As I sit in the dark of the plane typing these words, I feel my eyes burn a little and I feel some residual ennui even as I happily anticipate going home( Pasadena, that is). Simultaneously, I feel something kind of like closure...only it isn't exactly that( I make this disclaimer as I need to leave the circle open to the possibility of me spiraling around through this once again, if even if at a different level and entering from a different place). Yes, of course I will go back to Forest and Bluff again, but never again will it be the place that it was for me. Never.  It has fundamentally changed.  Now when I go there I will go there to  visit my friends, to play Mermaids with the girls and to see them graduate from middle school or for my friend's birthday party, or maybe even for a conference....but I won't ever go home again.  It is now NOT what I want. It is now what I wanted, it has moved into past tense and the lovely thing about that is that it allows for a future in which I can go back...only not back home.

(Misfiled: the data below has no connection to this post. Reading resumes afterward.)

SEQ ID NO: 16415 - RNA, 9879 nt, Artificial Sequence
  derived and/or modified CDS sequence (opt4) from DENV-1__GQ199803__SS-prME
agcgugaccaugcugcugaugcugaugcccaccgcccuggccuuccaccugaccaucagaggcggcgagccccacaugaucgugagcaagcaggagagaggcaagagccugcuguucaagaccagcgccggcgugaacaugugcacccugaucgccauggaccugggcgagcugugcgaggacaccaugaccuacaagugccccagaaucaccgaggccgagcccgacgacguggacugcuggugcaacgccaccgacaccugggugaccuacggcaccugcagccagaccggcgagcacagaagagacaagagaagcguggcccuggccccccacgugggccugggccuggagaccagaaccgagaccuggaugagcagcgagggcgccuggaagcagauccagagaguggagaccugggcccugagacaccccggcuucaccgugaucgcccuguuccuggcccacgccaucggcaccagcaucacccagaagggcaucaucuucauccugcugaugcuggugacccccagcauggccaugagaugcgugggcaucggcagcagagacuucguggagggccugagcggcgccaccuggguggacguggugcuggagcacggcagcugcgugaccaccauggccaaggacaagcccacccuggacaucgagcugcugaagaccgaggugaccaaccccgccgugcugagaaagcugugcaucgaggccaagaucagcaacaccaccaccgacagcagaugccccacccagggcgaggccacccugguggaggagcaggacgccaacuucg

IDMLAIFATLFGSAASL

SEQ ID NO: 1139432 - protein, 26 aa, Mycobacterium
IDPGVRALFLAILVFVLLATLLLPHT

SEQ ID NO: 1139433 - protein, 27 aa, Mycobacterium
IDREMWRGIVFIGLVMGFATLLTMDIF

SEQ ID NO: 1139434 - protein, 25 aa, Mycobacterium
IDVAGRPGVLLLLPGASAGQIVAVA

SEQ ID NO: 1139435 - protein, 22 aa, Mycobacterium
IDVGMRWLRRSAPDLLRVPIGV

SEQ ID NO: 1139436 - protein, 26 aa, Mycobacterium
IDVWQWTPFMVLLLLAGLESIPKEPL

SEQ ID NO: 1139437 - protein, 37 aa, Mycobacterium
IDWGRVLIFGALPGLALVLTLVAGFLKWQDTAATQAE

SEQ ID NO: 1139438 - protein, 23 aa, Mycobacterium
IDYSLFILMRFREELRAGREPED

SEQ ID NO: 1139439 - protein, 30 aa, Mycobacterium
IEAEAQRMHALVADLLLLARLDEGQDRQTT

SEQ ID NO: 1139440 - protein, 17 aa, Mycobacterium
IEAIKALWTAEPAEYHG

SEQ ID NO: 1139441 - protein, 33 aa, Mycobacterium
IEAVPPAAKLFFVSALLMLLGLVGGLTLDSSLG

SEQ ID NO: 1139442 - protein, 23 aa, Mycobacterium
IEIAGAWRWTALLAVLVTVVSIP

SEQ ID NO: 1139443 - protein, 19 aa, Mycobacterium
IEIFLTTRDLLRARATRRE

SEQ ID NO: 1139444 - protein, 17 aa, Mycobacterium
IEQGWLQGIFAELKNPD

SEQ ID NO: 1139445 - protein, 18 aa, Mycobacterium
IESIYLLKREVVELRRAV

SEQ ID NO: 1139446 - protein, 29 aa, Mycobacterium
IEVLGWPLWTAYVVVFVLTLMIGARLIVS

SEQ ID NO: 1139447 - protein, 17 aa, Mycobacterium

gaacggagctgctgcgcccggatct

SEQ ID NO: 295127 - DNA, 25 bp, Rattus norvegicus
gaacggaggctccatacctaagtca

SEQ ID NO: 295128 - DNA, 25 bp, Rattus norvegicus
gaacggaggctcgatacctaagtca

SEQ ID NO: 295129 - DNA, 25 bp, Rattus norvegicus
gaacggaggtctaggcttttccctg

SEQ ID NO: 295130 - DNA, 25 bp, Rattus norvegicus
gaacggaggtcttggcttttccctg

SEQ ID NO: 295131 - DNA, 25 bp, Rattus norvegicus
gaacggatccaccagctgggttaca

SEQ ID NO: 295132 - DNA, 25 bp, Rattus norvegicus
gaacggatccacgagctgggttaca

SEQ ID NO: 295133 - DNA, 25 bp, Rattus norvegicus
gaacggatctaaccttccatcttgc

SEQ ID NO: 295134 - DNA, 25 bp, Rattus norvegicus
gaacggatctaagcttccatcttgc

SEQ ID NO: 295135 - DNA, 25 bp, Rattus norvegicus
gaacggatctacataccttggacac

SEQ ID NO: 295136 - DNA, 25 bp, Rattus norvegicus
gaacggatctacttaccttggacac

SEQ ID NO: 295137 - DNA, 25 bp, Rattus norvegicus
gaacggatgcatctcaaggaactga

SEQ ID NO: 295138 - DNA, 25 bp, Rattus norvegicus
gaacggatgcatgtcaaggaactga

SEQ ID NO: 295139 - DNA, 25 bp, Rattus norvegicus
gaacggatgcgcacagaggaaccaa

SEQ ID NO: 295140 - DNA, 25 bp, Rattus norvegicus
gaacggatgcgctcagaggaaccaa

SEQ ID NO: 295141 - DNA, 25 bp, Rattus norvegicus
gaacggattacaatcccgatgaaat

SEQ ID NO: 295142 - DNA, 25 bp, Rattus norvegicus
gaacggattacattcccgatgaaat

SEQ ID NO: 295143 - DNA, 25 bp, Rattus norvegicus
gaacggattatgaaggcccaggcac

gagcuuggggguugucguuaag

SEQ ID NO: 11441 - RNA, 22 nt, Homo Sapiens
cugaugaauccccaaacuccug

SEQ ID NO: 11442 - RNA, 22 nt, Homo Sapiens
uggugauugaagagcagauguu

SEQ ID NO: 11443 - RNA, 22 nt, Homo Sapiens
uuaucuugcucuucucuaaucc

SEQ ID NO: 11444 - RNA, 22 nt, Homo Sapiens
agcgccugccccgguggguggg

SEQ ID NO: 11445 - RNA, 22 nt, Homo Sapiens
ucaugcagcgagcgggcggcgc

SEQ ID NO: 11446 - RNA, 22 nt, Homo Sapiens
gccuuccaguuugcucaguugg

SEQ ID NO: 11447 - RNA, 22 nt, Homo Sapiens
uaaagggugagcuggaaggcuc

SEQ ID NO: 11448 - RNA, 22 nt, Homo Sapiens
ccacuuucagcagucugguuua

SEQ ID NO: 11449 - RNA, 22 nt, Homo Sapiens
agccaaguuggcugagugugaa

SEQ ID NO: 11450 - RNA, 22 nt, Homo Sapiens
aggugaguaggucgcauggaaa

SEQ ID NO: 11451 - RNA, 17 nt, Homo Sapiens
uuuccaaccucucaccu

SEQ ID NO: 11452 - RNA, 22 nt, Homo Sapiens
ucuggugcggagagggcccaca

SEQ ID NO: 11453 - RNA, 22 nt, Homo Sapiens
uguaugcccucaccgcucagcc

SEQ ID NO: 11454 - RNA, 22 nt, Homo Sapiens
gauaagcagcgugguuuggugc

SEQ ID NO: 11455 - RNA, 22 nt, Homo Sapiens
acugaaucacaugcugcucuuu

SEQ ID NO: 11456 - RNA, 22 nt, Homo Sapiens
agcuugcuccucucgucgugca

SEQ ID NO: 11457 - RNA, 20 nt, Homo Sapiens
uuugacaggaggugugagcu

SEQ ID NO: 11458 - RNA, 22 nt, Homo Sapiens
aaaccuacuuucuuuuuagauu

“You can't go back home to your family, back home to your childhood, back home to romantic love, back home to a young man's dreams of glory and of fame, back home to exile, to escape to Europe and some foreign land, back home to lyricism, to singing just for singing's sake, back home to aestheticism, to one's youthful idea of 'the artist' and the all-sufficiency of 'art' and 'beauty' and 'love,' back home to the ivory tower, back home to places in the country, to the cottage in Bermude, away from all the strife and conflict of the world, back home to the father you have lost and have been looking for, back home to someone who can help you, save you, ease the burden for you, back home to the old forms and systems of things which once seemed everlasting but which are changing all the time--back home to the escapes of Time and Memory.” ― Thomas Wolfe